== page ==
North Korea Kidnapped My Daughter
On November 15, 1977, 13 year-old Megumi Yokota disappeared without a trace while on her way home from school. Twenty years later a newspaper revealed she was abducted by North Korean operatives and was still in North Korea. Megumi and at least 13 others were taken from coastal cities in Japan during the 1970s and 80s, shoved into holding cells on spy vessels, and shipped off to North Korea to train agents in Japanese culture and customs. The perpetrators of the Korean Air Flight 858 bombing in 1987 posed as Japanese nationals thanks to such training.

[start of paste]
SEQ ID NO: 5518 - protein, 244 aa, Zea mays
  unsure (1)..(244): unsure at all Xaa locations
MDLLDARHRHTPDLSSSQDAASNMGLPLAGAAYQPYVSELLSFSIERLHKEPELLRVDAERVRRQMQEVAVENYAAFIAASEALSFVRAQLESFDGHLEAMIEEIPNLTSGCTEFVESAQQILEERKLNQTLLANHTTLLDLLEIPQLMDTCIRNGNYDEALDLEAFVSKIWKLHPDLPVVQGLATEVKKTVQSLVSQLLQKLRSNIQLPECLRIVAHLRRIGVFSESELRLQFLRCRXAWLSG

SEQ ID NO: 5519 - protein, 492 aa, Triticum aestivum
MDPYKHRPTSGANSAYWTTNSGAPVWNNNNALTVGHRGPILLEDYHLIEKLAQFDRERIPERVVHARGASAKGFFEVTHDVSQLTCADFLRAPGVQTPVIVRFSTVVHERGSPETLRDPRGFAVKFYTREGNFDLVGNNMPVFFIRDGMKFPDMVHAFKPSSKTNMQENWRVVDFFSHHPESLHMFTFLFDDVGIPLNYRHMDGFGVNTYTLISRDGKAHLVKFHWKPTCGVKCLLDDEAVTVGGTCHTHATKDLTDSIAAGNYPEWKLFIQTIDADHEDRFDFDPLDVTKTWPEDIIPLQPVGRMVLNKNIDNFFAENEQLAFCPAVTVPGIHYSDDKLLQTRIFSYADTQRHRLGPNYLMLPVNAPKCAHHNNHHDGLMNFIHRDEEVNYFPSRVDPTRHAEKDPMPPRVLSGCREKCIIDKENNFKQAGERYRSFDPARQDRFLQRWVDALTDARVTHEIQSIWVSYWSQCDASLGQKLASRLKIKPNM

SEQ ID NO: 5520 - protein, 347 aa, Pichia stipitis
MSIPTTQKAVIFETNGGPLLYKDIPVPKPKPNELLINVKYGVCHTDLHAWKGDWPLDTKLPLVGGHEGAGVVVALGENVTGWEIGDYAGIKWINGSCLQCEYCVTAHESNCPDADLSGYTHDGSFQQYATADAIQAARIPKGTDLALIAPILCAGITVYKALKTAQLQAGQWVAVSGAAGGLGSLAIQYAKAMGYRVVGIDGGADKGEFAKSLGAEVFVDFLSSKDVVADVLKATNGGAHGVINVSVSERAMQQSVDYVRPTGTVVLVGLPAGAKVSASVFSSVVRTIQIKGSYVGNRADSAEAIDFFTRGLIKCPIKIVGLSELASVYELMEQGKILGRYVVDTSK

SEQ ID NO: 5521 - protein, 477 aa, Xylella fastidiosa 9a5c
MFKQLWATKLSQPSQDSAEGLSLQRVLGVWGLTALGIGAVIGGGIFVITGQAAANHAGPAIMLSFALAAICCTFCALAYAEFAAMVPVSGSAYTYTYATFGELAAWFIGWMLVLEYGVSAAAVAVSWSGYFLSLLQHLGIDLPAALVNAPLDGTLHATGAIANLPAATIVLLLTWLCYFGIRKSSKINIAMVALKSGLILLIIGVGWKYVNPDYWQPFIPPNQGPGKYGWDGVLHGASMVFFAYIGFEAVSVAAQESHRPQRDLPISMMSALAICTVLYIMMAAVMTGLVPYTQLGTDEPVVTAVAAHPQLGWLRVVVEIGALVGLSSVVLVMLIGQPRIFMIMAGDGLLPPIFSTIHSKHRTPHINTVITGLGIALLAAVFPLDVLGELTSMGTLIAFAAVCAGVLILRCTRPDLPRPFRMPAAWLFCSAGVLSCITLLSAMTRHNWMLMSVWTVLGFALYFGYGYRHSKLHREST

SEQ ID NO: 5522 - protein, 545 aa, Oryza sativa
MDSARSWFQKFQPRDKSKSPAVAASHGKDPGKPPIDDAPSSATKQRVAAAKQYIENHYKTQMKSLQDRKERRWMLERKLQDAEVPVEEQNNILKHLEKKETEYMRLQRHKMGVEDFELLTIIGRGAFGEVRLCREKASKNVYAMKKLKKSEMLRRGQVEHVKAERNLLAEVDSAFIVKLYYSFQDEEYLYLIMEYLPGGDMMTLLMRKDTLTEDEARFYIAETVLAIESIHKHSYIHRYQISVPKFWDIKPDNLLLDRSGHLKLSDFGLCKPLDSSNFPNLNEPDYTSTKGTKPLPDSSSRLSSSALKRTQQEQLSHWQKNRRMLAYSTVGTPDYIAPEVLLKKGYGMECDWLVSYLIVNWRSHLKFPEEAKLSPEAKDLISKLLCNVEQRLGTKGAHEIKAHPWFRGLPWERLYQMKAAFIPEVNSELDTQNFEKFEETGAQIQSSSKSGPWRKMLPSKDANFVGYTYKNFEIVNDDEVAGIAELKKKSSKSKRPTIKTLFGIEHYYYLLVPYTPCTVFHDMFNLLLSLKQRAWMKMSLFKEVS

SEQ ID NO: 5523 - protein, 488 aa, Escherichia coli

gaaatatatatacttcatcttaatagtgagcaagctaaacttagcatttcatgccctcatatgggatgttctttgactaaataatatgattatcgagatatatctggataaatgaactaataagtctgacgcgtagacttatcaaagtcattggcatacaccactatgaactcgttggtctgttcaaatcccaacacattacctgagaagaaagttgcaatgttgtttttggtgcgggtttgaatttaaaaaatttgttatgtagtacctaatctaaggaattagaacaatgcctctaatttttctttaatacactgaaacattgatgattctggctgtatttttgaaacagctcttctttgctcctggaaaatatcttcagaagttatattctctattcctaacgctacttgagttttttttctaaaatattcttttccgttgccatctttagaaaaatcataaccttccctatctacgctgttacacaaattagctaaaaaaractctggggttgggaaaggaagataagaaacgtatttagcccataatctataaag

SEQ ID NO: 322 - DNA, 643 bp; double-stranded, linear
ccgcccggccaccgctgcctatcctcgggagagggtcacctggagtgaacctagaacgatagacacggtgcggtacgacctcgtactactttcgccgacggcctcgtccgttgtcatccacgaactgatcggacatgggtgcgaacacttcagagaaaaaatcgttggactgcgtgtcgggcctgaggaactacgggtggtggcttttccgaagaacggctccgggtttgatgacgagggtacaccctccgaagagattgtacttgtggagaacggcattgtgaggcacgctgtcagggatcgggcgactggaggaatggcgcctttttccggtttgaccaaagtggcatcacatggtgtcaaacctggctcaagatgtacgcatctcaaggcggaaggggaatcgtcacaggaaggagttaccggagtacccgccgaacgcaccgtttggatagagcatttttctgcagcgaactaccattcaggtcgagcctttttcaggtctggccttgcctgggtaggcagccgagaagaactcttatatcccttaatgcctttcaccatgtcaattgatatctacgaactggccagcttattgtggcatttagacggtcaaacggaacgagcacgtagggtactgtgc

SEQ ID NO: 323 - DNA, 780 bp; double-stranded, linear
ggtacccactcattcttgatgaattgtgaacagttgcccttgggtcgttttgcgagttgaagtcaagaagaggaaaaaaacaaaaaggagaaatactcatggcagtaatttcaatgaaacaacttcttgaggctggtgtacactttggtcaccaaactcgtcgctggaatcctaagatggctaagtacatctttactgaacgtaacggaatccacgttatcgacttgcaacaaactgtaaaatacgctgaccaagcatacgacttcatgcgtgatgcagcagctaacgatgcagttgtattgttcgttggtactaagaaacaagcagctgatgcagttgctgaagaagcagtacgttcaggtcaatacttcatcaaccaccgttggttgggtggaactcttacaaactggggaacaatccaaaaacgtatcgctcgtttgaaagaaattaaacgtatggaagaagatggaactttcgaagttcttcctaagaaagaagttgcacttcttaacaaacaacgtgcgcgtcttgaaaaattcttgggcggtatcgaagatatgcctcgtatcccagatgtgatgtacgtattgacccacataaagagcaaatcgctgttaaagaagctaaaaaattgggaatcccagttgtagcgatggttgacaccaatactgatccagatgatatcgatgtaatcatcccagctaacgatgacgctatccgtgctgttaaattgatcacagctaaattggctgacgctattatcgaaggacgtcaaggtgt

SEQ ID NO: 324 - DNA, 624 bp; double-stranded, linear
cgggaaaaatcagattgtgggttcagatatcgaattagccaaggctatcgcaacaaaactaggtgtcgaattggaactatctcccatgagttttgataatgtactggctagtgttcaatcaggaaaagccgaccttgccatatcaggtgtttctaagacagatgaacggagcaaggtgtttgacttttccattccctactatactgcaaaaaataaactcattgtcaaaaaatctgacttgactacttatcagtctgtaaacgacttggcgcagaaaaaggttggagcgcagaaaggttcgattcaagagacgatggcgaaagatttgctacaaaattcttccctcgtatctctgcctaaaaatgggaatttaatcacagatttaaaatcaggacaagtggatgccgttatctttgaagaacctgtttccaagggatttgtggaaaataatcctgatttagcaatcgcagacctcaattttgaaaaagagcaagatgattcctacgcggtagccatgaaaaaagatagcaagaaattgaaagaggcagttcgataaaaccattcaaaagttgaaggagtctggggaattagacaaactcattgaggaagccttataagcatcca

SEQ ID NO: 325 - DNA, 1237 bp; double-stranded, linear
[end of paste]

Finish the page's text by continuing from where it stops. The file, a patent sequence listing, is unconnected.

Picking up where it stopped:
North Korea Kidnapped My Daughter is Sakie Yokota’s memoir of the last 30 years without her daughter. Her resounding faith is inspirational as is her unfaltering determination to repatriate Megumi. Mrs. Yokota vividly recounts the horrifying panic when Megumi went missing and the entire ordeal of her daughter’s absence.
In 2002, North Korea released five of the victims, claiming the other eight were dead; however, it refused to provide legitimate evidence to support these claims. After four years of deliberations in Japan, Sakie Yokota attended the first U.S. Congressional hearing on the abductions and asked America for help.
If alive, Megumi is now 44 years old. Her mother and father have aged, her twin brothers have families of their own, and while they know where Megumi was taken to, she still has not been returned. Mrs. Yokota is strongly opposed to any “de-listing” of North Korea barring the return of the remaining abductees.